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Mom asks pediatrician about kids going back to school, receives 'sobering' reality check

Mom asks pediatrician about kids going back to school, receives 'sobering' reality check

The New York Times bestselling author Aisha Saeed shared her learnings from a conversation with her children's pediatrician to prepare other parents for what's to come.

The United States has been grappling with the idea that children will be heading back to school this fall ever since Secretary of Education Betsy DeVos announced a federal "plan" to reopen educational institutions. The announcement worried several parents. Community spread is still a concern in the country and schools are more likely than not going to be a hotspot for it. Therefore, one concerned parent decided to ask their children's pediatrician what they can expect if they send their kids back to school. The New York Times bestselling author of Amal Unbound and Yes No Maybe So, Aisha Saeed, shared her findings via a Twitter thread.

 



 

She wrote, "I spoke with my children's pediatrician today about her thoughts about sending my kids back to school... First, each area/region will be different so this perspective may not make sense elsewhere. Second, it's one pediatrician's point of view. I've known her [for] a decade and trust her, but it's one opinion. Third, this is just me sharing what she shared. Not saying what anyone should do." After clarifying the caveats, she jumped straight into the conversation she had with her children's doctor. Needless to say, she was not exactly pleased.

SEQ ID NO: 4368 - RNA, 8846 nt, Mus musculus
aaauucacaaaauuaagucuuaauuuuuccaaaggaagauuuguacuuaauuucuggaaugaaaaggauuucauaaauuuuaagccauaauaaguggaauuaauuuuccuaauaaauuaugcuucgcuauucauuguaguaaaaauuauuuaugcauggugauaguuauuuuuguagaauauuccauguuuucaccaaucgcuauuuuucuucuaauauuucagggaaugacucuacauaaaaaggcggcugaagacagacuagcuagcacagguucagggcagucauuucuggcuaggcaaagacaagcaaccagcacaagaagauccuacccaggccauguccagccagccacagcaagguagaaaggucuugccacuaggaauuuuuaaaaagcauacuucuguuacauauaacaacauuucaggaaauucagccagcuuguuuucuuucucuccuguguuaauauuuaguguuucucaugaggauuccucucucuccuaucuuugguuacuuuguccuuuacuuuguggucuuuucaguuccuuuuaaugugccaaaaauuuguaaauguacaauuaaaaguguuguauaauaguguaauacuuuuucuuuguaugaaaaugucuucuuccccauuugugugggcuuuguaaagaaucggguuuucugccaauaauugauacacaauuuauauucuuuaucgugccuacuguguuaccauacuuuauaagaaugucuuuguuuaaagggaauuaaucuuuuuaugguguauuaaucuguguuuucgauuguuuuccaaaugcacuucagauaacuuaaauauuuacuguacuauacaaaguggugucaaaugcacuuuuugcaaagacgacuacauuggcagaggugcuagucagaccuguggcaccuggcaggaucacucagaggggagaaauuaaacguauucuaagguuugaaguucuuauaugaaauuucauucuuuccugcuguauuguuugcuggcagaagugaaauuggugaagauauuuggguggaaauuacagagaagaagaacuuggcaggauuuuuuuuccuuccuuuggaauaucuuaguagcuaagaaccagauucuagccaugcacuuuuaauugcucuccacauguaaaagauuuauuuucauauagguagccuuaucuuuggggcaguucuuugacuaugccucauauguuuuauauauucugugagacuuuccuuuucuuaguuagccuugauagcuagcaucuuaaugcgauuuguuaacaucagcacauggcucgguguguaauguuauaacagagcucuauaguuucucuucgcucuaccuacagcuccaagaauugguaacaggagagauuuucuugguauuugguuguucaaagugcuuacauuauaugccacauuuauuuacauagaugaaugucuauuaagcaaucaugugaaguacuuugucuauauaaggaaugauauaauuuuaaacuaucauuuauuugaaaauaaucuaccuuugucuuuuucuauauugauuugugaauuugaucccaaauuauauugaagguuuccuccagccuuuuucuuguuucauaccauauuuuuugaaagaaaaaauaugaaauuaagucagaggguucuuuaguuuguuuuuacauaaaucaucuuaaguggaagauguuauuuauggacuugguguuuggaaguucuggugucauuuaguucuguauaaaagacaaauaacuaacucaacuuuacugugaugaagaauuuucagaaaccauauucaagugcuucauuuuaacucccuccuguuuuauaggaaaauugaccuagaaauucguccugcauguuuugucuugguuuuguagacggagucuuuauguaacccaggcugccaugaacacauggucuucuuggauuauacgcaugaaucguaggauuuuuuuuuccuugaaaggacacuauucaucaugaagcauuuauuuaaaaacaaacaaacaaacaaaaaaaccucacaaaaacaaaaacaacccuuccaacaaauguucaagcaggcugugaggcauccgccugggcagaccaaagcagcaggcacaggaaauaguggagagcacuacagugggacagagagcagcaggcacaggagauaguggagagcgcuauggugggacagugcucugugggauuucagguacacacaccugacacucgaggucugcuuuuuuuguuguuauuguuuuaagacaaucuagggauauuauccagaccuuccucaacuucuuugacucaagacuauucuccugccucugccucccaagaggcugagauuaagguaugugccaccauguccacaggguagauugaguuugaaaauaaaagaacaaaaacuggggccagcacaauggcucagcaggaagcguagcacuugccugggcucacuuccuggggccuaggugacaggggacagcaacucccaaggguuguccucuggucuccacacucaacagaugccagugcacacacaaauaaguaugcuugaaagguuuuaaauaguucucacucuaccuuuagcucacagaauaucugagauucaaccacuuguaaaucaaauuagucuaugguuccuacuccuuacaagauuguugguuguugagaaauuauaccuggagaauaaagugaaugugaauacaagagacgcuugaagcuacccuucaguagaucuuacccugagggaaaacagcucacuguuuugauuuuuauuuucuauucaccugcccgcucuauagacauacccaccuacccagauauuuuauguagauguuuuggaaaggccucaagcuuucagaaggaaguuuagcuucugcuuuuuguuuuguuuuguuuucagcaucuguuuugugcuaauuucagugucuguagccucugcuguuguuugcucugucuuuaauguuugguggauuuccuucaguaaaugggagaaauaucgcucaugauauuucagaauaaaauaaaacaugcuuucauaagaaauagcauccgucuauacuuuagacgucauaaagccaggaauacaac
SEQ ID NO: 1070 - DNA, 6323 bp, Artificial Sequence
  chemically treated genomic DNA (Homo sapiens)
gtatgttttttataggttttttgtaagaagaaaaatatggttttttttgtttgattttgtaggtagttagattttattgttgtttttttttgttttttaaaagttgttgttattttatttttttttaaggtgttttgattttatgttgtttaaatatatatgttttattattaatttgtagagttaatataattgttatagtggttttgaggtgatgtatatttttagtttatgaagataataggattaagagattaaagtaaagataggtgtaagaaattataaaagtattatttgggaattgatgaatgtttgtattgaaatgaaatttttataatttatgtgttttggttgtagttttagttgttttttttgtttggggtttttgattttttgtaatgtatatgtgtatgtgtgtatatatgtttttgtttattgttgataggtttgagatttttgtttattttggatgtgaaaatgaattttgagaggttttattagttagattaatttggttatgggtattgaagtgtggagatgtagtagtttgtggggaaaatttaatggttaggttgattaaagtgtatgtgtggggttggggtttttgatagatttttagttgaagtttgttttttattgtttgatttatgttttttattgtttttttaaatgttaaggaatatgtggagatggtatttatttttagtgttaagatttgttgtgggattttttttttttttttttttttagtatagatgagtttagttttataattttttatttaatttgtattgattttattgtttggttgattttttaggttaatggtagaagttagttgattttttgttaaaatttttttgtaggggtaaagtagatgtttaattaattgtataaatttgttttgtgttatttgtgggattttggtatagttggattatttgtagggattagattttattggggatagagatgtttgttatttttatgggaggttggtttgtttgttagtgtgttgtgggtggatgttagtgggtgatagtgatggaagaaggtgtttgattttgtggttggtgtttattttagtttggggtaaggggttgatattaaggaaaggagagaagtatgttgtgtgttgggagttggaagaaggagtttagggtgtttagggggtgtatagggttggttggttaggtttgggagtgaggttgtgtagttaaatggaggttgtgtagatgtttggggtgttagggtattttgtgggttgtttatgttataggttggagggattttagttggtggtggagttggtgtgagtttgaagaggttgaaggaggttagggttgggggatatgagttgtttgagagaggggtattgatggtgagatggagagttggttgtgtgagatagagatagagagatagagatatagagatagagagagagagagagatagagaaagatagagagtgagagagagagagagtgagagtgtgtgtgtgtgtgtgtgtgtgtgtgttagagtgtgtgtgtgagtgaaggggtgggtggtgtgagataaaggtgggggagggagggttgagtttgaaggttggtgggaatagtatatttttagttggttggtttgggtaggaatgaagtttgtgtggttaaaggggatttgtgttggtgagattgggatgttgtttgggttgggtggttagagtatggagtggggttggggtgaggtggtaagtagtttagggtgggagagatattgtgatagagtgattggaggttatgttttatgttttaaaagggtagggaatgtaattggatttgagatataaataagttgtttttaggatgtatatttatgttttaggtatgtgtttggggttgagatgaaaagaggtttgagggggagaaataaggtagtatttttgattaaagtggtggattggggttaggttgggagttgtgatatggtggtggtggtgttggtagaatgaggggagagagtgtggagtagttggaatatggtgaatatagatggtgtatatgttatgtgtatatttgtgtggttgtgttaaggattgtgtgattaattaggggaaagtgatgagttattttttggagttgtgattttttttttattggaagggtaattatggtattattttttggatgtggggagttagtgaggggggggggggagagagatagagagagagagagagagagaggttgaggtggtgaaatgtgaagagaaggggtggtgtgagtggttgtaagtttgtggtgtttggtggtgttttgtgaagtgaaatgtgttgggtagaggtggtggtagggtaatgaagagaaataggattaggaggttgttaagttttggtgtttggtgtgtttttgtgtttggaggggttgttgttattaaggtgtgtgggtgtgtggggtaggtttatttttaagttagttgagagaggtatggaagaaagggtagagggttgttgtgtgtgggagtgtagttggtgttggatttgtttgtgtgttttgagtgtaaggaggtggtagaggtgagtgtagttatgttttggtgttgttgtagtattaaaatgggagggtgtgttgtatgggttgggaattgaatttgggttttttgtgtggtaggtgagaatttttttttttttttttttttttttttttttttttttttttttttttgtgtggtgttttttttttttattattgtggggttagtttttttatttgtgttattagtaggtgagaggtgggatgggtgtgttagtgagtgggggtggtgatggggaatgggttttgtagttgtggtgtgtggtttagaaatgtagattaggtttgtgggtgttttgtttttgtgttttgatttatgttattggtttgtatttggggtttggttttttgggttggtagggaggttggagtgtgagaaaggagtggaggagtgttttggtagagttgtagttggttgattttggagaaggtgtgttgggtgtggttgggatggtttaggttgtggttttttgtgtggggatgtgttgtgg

"She said that though the rhetoric is kids are not as affected, she has seen a lot of kids coming in with [the disease]. Not much [during] March through May, but ever since summer camps opened, kids are coming in," Saeed explained. "She said it's a 10 percent positive test rate at their clinic and kids are coming in with high fevers. [It's] not the asymptomatic stories I mostly hear. No Kawasaki yet either thankfully, but definitely kids who are pretty ill." The most impactful part of their conversation, however, came at this point.

 



 

The author stated, "She said if I choose to send my kids to in-person school I need to accept that my children will come home with it eventually. There is so much community spread here... That's it. That's the thread. It may be nothing revolutionary but it was sobering for me because headlines and pundits are one thing, but a doctor I've trusted my children's wellbeing to since each were born... That opinion goes a long way for me." She later empathized with teachers who expressed grief and fear about going back to school in the middle of a pandemic. In the replies, several others joined in, sharing their concerns as parents as well. Districts may still only be coming up with plans for the upcoming school year, but one thing is certain: we're all scared. No child should have to learn in fear.

 

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